Tall, stately, stiffly formal in the high stock he wore around his jowls, James Buchanan was the only President who never married.
Presiding over a rapidly dividing Nation, Buchanan grasped inadequately the political realities of the time. Relying on constitutional doctrines to close the widening rift over slavery, he failed to understand that the North would not accept constitutional arguments which favored the South. Nor could he realize how sectionalism had realigned political parties: the Democrats split; the Whigs were destroyed, giving rise to the Republicans.
Born into a well-to-do Pennsylvania family in 1791, Buchanan, a graduate of Dickinson College, was gifted as a debater and learned in the law.
He was elected five times to the House of Representatives; then, after an interlude as Minister to Russia, served for a decade in the Senate. He became Polk's Secretary of State and Pierce's Minister to Great Britain. Service abroad helped to bring him the Democratic nomination in 1856 because it had exempted him from involvement in bitter domestic controversies.
As President-elect, Buchanan thought the crisis would disappear if he maintained a sectional balance in his appointments and could persuade the people to accept constitutional law as the Supreme Court interpreted it. The Court was considering the legality of restricting slavery in the territories, and two justices hinted to Buchanan what the decision would be.
Thus, in his Inaugural Speech the President referred to the territorial question as "happily, a matter of but little practical importance" since the Supreme Court was about to settle it "speedily and finally."
Two days later Chief Justice Roger B. Taney delivered the Dred Scott decision, asserting that Congress had no constitutional power to deprive persons of their property rights in slaves in the territories. Southerners were delighted, but the decision created a furor in the North.
Buchanan decided to end the troubles in Kansas by urging the admission of the territory as a slave state. Although he directed his Presidential authority to this goal, he further angered the Republicans and alienated members of his own party. Kansas remained a territory.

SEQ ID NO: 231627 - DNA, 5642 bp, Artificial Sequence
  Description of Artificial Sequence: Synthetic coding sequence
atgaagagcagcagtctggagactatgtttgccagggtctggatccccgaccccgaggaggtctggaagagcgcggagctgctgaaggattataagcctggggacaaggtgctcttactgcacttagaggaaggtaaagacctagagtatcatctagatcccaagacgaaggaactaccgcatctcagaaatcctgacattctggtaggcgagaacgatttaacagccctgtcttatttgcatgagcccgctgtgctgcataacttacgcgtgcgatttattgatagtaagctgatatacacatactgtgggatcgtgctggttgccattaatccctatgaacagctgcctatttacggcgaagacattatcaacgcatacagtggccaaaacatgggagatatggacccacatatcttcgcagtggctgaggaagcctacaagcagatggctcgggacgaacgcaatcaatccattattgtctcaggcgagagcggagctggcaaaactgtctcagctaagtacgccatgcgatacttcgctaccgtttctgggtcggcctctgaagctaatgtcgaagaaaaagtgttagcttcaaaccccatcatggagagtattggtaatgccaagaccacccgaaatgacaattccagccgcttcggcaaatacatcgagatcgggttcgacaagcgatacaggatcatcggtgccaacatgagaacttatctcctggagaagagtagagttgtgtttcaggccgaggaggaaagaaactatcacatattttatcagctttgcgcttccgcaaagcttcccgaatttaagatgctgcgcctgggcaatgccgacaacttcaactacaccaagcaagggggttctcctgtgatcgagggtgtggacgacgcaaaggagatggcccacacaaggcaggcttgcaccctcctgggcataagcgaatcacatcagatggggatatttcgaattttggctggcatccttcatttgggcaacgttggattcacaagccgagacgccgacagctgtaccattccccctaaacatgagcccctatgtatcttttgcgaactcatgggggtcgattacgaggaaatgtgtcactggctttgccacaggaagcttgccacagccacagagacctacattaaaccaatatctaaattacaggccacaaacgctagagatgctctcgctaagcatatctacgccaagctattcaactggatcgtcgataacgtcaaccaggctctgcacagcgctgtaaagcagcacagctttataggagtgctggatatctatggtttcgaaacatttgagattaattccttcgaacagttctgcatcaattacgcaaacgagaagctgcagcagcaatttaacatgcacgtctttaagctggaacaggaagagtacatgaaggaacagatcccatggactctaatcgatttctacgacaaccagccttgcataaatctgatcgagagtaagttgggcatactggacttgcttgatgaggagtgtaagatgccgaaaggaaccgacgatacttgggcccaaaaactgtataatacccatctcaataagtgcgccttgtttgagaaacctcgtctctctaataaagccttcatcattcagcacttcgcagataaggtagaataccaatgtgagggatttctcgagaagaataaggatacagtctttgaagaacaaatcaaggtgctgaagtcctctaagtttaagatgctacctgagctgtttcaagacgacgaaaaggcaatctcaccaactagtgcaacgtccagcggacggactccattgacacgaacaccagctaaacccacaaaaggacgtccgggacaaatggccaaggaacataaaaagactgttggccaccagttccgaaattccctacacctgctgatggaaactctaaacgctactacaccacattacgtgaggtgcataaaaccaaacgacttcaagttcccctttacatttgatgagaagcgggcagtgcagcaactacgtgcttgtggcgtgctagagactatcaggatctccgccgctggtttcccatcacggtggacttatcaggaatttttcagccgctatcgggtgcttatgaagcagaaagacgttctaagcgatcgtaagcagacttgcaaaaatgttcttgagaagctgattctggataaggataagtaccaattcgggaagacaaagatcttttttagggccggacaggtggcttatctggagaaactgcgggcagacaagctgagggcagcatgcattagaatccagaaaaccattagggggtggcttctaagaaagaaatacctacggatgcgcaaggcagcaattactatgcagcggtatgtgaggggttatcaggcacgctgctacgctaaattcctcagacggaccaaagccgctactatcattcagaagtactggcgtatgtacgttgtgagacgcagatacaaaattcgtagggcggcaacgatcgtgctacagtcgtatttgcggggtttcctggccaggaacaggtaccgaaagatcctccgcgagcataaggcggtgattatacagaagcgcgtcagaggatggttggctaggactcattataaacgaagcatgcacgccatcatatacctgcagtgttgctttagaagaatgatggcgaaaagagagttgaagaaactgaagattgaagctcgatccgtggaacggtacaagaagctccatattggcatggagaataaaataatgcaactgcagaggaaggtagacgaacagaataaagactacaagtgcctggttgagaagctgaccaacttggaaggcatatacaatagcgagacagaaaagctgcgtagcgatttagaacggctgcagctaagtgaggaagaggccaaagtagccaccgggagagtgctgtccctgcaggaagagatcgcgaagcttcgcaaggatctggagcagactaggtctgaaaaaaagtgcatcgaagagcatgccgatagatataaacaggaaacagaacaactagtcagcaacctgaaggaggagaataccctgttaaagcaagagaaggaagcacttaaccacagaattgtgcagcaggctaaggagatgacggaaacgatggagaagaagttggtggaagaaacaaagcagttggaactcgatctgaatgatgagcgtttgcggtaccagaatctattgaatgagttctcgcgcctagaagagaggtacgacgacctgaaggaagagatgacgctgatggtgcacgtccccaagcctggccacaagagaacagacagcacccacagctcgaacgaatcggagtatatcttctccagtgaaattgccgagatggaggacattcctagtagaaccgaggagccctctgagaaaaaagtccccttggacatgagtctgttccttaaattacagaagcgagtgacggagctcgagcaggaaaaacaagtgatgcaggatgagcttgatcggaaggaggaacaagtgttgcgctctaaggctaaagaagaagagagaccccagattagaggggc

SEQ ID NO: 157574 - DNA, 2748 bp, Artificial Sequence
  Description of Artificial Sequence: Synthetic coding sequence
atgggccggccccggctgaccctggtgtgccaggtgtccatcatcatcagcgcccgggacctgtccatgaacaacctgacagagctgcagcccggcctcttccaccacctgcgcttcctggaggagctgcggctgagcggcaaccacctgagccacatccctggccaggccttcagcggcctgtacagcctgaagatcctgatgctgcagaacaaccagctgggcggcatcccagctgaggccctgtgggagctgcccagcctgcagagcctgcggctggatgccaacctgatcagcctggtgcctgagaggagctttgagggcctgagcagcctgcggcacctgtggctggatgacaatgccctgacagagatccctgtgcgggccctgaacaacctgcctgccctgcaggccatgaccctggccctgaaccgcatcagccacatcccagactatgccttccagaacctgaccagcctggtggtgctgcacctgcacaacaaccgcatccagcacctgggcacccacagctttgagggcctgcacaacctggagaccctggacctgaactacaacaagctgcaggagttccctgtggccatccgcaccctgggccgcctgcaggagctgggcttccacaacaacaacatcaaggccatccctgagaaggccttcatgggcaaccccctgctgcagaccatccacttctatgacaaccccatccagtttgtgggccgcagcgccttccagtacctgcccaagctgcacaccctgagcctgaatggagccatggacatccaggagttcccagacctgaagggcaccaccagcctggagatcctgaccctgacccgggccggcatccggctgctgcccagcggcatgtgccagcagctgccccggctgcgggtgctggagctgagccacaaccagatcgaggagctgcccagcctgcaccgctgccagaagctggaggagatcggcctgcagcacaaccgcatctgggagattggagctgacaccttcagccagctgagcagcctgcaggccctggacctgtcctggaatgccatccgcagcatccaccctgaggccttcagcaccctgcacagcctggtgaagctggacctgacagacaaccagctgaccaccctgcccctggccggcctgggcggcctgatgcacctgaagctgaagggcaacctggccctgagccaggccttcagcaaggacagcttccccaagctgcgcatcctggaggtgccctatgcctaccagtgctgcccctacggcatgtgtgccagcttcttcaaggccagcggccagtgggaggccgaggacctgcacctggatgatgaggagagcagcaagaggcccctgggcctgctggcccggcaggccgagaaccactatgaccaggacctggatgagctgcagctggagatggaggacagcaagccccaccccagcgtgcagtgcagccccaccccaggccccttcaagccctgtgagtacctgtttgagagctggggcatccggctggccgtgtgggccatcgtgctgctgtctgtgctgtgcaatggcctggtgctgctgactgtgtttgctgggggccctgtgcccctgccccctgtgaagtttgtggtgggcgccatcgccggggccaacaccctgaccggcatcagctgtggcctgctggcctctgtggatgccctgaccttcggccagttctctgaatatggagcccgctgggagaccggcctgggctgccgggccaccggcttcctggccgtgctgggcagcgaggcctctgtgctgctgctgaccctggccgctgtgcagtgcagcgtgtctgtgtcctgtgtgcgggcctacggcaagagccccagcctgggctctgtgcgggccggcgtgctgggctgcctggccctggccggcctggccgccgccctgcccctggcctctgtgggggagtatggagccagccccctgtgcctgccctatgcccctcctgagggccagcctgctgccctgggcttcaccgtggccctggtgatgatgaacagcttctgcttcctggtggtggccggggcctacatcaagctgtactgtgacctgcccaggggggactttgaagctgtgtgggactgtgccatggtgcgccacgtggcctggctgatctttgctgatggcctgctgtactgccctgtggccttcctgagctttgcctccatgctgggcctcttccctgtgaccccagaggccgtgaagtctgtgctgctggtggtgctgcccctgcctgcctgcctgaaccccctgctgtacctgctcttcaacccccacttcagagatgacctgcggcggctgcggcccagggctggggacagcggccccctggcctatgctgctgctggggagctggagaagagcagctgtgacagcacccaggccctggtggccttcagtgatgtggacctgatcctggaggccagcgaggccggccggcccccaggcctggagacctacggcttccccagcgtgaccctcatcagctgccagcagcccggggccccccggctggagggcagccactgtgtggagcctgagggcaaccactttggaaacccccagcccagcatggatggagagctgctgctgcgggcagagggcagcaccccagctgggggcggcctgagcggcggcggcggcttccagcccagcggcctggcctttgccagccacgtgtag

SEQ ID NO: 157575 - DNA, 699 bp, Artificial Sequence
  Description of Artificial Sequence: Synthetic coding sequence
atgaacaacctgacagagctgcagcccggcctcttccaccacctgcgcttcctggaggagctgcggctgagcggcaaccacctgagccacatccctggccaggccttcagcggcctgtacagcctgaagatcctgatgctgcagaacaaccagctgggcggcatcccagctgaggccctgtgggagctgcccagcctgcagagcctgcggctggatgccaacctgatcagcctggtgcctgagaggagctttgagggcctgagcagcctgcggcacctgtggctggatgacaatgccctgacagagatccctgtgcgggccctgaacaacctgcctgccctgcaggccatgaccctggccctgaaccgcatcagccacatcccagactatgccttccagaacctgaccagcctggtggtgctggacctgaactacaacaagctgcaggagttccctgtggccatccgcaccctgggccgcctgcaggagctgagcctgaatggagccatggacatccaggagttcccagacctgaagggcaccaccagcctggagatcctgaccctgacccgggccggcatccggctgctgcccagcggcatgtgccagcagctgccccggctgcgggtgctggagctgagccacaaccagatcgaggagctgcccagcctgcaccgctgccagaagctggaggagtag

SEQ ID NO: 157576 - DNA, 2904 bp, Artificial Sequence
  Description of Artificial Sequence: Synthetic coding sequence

When Republicans won a plurality in the House in 1858, every significant bill they passed fell before southern votes in the Senate or a Presidential veto. The Federal Government reached a stalemate.
Sectional strife rose to such a pitch in 1860 that the Democratic Party split into northern and southern wings, each nominating its own candidate for the Presidency. Consequently, when the Republicans nominated Abraham Lincoln, it was a foregone conclusion that he would be elected even though his name appeared on no southern ballot. Rather than accept a Republican administration, the southern "fire-eaters" advocated secession.
President Buchanan, dismayed and hesitant, denied the legal right of states to secede but held that the Federal Government legally could not prevent them. He hoped for compromise, but secessionist leaders did not want compromise.
Then Buchanan took a more militant tack. As several Cabinet members resigned, he appointed northerners, and sent the Star of the West to carry reinforcements to Fort Sumter. On January 9, 1861, the vessel was far away.
Buchanan reverted to a policy of inactivity that continued until he left office. In March 1861 he retired to his Pennsylvania home Wheatland--where he died seven years later--leaving his successor to resolve the frightful issue facing the Nation.
Text was obtained from Official Website of the White House
Welcome to Family Records and Other Intrigues. I'm Emily Jones, a rising junior at Grove City College and a summer intern at LancasterHistory.org. I am an English major, which may be why I like history for the stories it has to tell. I don't know Sir Winston Churchill's dates of birth and death or his specific contributions to the war effort, but I do know that he said many scandalous things and had a penchant for cats. My blog is about the gossipy, quirky, human things I find as I do historical research this summer.
Welcome to Learning, Living, Lancaster: a blog dedicated to bringing you both intriguing, long lost, & little known stories and information surrounding objects in the LancasterHistory.org collection! My name is Emily Miller, and I am a M.A. graduate student from the University of Delaware and a summer intern for LancasterHistory.org. Two new blog entries are posted every week! I hope you enjoy these curious tales of the collection!
The staff and volunteers of the Archives Department at LancasterHistory.org never know what they'll find when working on the documents and records in the collections. Fortunately, when they do discover something noteworthy they are very willing to share!
Because pictures are worth a thousand words, but sometimes they need an interpreter.
You know that cliché about a picture being worth a thousand words? Ok, well, imagine the stories going on in my head after cataloging several hundred photos every single day!
One Young Lady, One Old House, Two Hundred Years of History
I’m Jennifer Walton, Assistant Director of President James Buchanan's Wheatland, and I love an old President and his old house! Over the past six years, I’ve learned quite a lot about both, and I would love to share it with you!